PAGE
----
Blurb: What do you do when your girlfriend’s sixtieth birthday party is the same day as your boyfriend’s thirtieth? Is it better to die of Botox or die of loneliness because you’re so wrinkly? Is it wrong to lie about your age when online dating? Is it morally wrong to have a blow-dry when one of your children has head lice? Is it normal to be too vain to put on your reading glasses when checking your toy boy for head lice? Does the Dalai Lama actually tweet or is it his assistant? Is it normal to get fewer followers the more you tweet? Is technology now the fifth element? Or is that wood? If you put lip plumper on your hands do you get plump hands? Is sleeping with someone after two dates and six weeks of texting the same as getting married after two meetings and six months of letter writing in Jane Austen’s day? Pondering these and other modern dilemmas, Bridget Jones stumbles through the challenges of loss, single motherhood, tweeting, texting, technology, and rediscovering her sexuality in—Warning! Bad, outdated phrase approaching!—middle age.
This was an absolute pleasure to read. Oh, I have missed Bridget! Mad About the Boy is as hilarious as ever and very heart-warming. I found myself laughing out loud one moment and resorting to tears the next at this sensitive time in Bridget’s life. And now she is back on the ‘single’ pile, a born-again virgin. Only, her friends urge her to change that fact! Is she ready?
Bridget (now 51), has aged, along with her audience; she was married, had children, and lived a settled family life. I found this easy to relate to as a reader, making the story believable and easy to read. I loved how Fielding has kept to the characters we all know and love, i.e. her family, her friends and even…… Daniel Cleaver!!! And yet, at the same time she has also introduced new characters as potential ‘love interests’ for Bridget. The main focus being on Roxster.
Roxster (29) is a fun and lovable character. He is cheeky, rude and dirty – but not in a Daniel Cleaver womanising way. Roxster is really uplifting for Bridget. He is silly, flirty, and yet he is respectful and mature when accepting Bridget’s lifestyle. The introduction of Roxster’s character is also great to cater for the younger audience, therefore building on the following that Bridget has.
As well as having to deal with her love-life, kids, mum and friends, Bridget is also juggling a screenwriting career and trying to work her way around modern technology! Being useless with a tv remote is one thing, but then figuring out Twitter, along with numerous dating sites, adds to the comedy. I found Fielding was able to use this aspect of the story to cleverly incorporate current issues into the storyline, e.g. horse meat found in ‘beef’ products, the Royals and their new arrival, etc. This kept the story real by allowing the reader to relate not only to the characters but the storyline as a whole.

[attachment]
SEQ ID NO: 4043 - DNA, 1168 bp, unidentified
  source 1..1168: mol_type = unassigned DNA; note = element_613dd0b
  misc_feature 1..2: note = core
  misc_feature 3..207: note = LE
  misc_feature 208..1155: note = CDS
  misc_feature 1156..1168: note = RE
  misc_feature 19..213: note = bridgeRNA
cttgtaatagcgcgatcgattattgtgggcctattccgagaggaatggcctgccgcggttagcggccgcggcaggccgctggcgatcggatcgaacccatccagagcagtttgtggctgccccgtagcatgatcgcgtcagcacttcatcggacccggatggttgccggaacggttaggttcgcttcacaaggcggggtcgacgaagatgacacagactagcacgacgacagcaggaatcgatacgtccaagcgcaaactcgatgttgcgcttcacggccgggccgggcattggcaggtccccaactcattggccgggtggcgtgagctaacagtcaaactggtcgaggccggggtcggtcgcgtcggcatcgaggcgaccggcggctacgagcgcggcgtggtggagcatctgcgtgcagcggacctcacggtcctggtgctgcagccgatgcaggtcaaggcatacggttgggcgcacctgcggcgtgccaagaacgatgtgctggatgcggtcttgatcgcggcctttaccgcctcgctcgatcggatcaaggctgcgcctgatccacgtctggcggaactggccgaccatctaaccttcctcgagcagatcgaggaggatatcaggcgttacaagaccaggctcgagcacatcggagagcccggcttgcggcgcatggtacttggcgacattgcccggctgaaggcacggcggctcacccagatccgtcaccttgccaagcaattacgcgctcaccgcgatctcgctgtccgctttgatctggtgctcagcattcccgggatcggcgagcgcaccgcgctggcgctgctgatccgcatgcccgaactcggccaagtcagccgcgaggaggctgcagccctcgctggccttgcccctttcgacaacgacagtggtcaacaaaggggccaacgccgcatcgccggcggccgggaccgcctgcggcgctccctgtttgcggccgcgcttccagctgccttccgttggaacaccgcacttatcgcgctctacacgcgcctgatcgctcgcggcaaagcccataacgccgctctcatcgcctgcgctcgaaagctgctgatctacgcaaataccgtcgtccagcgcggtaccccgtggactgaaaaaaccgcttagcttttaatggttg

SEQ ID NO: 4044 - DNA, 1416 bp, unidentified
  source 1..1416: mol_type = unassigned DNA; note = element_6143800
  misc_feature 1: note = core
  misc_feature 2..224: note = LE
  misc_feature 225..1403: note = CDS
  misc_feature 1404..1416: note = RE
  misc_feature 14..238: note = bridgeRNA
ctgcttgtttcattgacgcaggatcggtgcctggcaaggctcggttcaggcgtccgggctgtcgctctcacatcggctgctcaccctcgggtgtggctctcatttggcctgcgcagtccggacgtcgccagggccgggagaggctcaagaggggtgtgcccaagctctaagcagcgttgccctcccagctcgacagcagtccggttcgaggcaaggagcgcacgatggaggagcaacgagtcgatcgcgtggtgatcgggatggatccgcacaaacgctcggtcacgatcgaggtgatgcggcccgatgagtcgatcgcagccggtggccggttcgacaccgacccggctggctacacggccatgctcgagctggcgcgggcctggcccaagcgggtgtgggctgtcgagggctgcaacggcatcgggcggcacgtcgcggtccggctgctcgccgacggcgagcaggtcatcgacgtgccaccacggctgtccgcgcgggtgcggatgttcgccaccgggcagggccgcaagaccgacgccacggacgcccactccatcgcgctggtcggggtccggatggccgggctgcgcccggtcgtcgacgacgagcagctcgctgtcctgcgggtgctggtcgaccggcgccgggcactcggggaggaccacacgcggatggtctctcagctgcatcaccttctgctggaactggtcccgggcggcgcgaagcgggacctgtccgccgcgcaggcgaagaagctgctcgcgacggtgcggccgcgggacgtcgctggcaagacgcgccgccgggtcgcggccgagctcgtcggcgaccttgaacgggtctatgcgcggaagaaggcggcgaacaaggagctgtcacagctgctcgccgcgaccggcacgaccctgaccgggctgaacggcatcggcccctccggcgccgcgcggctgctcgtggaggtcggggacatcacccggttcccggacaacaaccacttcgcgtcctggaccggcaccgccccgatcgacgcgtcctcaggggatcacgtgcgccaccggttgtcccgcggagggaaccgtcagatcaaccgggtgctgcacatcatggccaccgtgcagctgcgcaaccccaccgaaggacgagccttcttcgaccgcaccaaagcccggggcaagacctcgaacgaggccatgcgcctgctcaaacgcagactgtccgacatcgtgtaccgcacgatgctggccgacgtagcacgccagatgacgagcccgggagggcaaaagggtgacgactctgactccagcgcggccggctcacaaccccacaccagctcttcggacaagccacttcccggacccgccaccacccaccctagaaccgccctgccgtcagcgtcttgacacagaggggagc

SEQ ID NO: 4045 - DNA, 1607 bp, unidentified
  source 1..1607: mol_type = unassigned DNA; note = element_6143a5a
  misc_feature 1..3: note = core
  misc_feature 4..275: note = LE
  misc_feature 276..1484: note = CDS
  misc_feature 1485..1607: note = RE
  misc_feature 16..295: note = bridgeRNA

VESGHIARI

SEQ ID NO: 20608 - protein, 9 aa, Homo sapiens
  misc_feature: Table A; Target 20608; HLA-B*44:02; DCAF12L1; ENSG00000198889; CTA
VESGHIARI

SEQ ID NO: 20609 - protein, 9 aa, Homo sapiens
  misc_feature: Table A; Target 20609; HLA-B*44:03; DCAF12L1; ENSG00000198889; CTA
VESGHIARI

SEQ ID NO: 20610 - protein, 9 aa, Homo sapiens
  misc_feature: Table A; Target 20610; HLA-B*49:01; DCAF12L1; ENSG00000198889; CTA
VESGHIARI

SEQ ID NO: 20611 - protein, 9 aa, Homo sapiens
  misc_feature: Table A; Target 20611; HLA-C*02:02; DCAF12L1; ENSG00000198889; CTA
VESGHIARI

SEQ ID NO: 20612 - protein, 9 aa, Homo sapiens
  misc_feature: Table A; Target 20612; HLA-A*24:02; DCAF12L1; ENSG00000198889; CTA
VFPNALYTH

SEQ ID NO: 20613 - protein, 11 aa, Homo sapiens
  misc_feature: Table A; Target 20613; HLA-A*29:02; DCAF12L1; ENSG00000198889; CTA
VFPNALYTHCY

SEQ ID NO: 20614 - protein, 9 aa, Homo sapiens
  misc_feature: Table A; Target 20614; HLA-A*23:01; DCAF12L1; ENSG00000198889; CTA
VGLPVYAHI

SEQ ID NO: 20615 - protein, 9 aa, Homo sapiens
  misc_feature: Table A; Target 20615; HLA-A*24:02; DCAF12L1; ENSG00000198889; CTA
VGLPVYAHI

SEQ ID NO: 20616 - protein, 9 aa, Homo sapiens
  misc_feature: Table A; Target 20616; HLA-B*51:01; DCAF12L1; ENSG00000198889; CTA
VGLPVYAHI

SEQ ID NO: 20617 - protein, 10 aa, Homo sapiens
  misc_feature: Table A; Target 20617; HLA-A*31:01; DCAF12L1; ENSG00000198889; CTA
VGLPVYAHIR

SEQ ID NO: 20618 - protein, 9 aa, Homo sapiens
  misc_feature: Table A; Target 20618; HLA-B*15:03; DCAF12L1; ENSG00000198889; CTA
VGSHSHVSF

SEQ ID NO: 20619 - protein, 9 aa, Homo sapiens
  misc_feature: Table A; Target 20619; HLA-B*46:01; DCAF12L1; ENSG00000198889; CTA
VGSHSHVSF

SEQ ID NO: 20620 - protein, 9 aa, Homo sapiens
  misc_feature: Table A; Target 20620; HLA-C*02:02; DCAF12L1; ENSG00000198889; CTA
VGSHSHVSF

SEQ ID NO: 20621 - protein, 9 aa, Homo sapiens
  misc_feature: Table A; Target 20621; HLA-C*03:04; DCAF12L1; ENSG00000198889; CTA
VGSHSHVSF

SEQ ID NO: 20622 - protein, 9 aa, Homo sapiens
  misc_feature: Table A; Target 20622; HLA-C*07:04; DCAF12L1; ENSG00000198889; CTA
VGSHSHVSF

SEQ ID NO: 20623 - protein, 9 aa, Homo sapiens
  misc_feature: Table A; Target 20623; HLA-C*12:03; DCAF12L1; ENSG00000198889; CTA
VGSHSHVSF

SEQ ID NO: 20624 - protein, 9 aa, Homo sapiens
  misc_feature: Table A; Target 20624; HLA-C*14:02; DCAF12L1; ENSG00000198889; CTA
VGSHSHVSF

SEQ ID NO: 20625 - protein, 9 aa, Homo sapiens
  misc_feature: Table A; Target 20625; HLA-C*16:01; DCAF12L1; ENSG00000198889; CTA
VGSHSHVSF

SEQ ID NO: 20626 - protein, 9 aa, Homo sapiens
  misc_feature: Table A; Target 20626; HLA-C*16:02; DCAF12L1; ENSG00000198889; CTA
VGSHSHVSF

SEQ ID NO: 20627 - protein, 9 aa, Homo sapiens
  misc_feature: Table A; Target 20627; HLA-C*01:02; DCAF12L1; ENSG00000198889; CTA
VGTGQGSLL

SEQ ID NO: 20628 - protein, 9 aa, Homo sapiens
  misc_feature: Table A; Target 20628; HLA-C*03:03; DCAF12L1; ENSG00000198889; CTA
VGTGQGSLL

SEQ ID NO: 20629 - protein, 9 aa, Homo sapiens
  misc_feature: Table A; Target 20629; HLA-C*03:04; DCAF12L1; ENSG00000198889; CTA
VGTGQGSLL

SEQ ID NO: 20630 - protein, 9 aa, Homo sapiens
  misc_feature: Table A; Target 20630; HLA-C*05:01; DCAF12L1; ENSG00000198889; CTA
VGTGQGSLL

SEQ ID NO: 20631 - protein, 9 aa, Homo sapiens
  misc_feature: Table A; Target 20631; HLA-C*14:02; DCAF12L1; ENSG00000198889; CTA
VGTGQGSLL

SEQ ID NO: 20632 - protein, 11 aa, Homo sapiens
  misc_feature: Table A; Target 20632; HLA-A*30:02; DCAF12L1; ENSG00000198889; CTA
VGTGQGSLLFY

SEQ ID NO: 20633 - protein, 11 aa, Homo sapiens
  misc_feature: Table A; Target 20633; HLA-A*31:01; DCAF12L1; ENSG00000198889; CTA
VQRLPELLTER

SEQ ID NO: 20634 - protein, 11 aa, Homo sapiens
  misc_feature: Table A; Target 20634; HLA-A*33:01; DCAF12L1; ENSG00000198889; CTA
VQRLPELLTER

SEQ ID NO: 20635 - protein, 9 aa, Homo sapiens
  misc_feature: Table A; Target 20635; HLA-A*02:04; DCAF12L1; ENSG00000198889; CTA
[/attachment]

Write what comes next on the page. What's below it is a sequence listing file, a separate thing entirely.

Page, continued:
There are areas of the story which I will not go into for fear of spoiling it for the potential reader. However, I do feel many of you will be a little disappointed with Mark Darcy’s storyline. I must admit that I was. However, life changes and it doesn’t always work out the way we thought. With this thought in mind, I was able to accept this instalment of Bridget Jones. Oddly enough, it is Darcy’s storyline which is fundamental to Bridget’s whole situation.
My only other niggle is that the story ended a little abrupt for me. There are twists (which I enjoy), however towards the end I didn’t feel that there was enough build-up for the reader to get too excited about. This did not change my overall feeling towards the novel as throughout I was giggling and generally feeling most of the emotions that Bridget was at the time. For me that was an important factor.
Mad About the Boy is written in the same diary-style we are used to seeing in this series. Bridget is still noting down her weight, calories and units of alcohol, with the added comical occurrence and sarcastic remarks. Due to the style of the chapter layouts it is very easy to put down and pick up where you left off so easy, whilst also allowing for those readers that can only fill a few minutes of reading here and there.
Certainly not my favourite of the Bridget Jones series (that will have to be the original), however for fans of the series, Helen Fielding and/or those who are looking for a fun, heart-warming starting-to-date-again chick-lit/rom-com Mad About the Boy is a touching and exciting read!
Reviewed by Caroline Barker